While he has bemoaned certain ingrained structural deficiencies that make his job more difficult, there are certain variables that are within his control that he can rectify.

He can start with getting tough.

By all accounts he is a really nice guy and his demeanour with the press is mostly filled with smiles and assurances. This will not suffice any longer and if Coetzee is going to win back what little faith the public had in him, he must harden up.

Four wins from 12 matches should be leaving the coach in a blind, spitting rage. He should be tearing lumps out of his players and his coaches. When he’s done, he should be saving a jug full of venom for himself.

Enough rhetoric. We don’t want to hear that you’ll try harder next time. This is the Springboks and only the best should be tolerated. We are all rightly livid with the Boks’ performances this year and this babe-in-the-woods routine smacks of incompetence – and it needs to end now.

A coherent game plan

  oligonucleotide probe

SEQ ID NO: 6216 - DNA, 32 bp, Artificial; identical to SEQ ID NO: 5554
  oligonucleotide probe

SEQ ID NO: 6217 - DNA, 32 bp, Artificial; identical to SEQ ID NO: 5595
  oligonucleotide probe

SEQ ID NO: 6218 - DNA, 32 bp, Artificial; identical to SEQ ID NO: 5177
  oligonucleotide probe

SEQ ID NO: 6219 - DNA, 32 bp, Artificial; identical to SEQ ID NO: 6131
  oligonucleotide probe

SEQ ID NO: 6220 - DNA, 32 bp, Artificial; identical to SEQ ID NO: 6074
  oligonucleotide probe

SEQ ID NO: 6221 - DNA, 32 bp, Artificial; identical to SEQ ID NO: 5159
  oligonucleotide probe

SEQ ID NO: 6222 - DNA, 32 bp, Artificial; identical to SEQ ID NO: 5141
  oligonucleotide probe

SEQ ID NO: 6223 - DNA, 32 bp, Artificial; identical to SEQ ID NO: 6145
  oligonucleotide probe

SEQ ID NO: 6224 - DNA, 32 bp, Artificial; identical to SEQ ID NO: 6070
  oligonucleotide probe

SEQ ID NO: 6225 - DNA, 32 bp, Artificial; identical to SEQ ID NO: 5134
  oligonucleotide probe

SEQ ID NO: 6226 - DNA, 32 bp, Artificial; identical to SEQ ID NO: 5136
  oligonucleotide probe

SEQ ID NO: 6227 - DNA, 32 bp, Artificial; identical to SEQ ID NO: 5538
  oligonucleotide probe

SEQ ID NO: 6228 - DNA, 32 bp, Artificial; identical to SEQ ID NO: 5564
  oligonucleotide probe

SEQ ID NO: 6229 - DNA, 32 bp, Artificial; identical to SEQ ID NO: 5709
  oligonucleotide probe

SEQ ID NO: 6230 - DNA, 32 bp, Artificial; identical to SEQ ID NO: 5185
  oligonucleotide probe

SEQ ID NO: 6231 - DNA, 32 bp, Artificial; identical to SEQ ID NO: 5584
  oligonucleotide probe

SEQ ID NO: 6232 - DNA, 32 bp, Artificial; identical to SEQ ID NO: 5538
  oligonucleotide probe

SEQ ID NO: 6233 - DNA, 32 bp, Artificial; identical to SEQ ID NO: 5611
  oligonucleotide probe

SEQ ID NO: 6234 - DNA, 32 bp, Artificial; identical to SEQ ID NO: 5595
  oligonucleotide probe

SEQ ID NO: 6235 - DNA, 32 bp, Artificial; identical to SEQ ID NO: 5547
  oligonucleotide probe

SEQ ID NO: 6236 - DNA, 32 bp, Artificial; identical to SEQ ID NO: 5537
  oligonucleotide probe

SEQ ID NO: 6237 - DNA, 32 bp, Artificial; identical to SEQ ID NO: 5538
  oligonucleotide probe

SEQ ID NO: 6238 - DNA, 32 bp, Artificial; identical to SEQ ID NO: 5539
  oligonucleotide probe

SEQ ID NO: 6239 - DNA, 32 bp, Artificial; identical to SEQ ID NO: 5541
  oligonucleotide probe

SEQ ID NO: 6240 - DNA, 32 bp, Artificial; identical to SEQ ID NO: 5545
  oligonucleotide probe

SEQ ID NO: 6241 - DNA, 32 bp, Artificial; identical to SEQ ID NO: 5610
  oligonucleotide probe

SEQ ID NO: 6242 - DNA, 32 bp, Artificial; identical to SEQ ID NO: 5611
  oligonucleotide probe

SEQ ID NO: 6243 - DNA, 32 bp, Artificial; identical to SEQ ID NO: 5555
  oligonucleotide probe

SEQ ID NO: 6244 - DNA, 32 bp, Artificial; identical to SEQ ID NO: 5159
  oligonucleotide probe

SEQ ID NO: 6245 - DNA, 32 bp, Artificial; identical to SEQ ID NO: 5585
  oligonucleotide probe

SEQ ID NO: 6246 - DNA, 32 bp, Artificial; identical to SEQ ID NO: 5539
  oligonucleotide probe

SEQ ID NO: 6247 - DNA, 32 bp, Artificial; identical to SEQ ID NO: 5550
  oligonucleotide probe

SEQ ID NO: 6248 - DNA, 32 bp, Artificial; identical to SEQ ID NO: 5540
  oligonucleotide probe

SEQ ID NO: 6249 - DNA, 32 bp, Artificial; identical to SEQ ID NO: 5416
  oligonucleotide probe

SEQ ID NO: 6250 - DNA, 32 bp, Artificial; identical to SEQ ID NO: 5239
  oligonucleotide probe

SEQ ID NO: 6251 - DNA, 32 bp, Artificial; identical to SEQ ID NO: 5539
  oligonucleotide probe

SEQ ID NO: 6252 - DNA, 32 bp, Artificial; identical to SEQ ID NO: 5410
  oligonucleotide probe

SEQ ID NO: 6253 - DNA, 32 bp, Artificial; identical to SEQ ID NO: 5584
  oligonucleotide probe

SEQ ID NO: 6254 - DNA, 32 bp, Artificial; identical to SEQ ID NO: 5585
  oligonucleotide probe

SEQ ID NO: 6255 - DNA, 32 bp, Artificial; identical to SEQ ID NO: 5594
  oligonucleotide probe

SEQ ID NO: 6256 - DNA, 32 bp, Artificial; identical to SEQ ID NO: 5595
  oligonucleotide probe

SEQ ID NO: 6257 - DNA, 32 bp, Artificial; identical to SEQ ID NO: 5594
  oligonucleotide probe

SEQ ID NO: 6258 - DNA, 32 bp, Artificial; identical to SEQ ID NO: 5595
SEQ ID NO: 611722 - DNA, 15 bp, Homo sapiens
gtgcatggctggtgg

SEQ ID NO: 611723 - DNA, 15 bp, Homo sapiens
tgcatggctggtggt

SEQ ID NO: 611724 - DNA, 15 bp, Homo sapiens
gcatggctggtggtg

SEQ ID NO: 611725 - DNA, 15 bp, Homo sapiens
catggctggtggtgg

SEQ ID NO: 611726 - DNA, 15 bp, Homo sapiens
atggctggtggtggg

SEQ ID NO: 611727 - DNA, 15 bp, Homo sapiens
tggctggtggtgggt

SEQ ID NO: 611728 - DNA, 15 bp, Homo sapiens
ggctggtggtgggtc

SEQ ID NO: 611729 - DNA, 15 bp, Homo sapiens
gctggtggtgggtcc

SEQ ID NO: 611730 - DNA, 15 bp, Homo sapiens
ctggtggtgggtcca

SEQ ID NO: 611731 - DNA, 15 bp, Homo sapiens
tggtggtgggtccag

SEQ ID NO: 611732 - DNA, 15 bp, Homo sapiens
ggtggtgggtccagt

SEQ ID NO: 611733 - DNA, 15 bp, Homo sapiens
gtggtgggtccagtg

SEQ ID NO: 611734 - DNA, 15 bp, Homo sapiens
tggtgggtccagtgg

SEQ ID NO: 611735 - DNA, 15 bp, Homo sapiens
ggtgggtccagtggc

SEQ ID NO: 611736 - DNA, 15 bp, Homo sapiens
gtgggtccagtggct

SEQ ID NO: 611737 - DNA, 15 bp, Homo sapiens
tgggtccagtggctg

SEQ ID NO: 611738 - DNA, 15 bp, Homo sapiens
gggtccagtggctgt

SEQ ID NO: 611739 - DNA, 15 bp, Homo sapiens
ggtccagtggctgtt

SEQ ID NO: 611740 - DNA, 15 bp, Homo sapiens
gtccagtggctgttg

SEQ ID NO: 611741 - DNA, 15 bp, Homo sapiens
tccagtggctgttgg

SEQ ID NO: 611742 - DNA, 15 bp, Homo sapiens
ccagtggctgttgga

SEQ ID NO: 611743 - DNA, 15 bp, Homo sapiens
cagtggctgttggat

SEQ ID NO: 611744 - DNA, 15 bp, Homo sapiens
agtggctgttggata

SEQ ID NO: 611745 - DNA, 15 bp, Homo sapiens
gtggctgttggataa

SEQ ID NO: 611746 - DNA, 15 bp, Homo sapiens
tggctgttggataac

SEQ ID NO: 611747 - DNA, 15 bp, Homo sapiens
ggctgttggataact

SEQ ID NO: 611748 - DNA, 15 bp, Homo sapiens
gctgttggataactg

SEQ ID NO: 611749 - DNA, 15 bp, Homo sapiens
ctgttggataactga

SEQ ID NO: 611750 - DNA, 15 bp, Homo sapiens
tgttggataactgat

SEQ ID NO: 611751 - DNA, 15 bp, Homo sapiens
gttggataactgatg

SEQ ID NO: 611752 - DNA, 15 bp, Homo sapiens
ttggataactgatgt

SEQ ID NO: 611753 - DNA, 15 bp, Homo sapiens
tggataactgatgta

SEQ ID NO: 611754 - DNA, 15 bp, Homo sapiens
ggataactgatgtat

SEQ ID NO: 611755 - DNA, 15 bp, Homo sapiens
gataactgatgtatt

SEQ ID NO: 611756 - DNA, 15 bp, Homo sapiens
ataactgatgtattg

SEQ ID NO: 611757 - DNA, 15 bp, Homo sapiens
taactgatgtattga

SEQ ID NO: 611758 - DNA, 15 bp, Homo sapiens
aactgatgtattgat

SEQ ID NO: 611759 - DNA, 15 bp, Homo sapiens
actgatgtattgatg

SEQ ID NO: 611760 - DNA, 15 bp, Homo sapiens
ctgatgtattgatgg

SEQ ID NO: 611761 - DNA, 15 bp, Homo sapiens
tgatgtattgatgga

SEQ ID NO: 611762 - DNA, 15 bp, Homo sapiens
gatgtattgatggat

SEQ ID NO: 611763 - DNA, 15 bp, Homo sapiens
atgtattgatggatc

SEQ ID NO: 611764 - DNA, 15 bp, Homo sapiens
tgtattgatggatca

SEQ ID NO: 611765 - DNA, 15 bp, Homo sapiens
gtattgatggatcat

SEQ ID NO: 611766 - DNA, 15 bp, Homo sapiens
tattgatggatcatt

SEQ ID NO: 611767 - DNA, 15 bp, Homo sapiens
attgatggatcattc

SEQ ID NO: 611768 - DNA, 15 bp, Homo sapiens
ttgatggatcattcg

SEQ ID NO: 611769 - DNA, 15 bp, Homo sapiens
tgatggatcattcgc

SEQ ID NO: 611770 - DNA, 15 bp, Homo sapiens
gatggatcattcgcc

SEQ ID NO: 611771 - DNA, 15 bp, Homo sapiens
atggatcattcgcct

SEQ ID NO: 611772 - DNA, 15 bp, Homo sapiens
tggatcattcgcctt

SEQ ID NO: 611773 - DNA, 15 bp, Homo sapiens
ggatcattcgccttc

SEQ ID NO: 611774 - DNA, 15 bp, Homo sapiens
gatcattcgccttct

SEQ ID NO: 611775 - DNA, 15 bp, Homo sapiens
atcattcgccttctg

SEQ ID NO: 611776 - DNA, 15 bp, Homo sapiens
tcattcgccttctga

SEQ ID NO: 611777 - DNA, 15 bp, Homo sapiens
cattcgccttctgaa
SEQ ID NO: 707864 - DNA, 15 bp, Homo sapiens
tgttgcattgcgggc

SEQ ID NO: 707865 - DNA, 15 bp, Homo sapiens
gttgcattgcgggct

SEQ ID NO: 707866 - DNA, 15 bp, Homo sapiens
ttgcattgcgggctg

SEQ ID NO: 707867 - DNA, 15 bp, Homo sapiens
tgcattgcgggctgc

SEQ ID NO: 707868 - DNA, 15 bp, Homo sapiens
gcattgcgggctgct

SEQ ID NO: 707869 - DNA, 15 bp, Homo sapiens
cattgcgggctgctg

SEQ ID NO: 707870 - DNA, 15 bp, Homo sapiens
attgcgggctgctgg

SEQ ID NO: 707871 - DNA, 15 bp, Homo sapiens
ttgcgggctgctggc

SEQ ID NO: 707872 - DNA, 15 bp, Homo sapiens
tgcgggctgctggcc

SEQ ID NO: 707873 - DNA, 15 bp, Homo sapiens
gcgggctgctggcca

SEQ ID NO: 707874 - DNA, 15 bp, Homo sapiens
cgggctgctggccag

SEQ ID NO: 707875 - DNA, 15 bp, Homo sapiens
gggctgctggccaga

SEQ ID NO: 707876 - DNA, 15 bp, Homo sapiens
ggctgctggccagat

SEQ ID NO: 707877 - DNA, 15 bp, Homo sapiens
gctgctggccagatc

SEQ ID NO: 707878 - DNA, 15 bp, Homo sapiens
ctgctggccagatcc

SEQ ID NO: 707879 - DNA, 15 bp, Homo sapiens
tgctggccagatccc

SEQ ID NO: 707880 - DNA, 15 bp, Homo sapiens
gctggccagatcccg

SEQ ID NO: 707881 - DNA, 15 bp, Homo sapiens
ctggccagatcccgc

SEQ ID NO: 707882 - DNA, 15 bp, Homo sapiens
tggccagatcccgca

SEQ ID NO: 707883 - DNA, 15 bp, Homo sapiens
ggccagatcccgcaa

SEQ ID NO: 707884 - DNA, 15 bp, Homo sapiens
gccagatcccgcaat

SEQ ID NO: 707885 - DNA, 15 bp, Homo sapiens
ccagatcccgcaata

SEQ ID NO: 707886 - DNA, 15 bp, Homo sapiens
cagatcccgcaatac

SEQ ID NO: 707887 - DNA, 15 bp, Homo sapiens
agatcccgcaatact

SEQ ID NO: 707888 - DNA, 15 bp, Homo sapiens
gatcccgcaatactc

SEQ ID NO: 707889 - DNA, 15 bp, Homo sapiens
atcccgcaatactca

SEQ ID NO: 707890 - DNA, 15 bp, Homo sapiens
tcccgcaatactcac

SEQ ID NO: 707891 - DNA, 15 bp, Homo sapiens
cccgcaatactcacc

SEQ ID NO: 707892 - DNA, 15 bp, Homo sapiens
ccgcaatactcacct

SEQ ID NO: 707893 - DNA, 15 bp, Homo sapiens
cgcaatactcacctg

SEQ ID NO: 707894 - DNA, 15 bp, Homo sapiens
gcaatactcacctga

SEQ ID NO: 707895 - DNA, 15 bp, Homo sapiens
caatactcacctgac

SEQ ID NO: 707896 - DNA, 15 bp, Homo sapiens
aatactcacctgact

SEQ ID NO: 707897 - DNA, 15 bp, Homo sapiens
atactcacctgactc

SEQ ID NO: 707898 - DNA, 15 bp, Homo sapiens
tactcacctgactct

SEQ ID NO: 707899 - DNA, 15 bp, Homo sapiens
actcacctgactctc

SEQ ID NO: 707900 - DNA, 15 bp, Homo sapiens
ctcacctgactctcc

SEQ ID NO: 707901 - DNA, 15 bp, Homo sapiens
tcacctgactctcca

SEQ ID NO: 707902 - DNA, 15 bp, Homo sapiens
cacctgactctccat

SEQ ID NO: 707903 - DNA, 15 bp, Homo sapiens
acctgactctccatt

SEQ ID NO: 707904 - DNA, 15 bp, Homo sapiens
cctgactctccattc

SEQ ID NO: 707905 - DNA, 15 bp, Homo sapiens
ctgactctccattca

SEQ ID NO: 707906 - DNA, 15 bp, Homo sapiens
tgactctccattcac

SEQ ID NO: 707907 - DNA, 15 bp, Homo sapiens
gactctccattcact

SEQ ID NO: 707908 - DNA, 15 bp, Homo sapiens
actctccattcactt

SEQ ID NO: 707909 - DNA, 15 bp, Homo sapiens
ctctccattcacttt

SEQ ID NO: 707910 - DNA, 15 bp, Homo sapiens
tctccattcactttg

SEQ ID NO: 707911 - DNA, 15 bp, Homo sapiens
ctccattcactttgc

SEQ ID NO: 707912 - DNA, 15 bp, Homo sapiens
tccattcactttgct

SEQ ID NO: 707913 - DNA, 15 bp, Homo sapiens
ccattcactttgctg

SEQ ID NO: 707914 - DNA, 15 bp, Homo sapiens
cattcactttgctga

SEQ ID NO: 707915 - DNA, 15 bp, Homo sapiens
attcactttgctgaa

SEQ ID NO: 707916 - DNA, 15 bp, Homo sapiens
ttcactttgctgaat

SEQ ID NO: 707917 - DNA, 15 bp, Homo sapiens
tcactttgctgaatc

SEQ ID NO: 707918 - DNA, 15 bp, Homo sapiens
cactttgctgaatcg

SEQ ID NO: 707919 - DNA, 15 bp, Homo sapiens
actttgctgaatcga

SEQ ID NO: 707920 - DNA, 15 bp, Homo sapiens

Say what you want about Heyneke Meyer’s outdated game plan but at least you knew what it was. Coetzee’s Boks have been aimless all year and if they expect us to buy tickets to watch them, they had better come up with something that we can understand.

I’m not saying it has to be groundbreaking, I’m not even saying it has to be a strategy that sweeps away the competition. All I’m saying is that it has to be coherent.

Arguably the most frustrating site this year was watching the Boks in the lineout – a usually powerful weapon – against England at Twickenham. After kicking the ball out, not one forward was lifted in the air on two consecutive England throws in the first half. Why kick it out if you’re not going to compete? Mixed messages or an aimless objective; something is not right.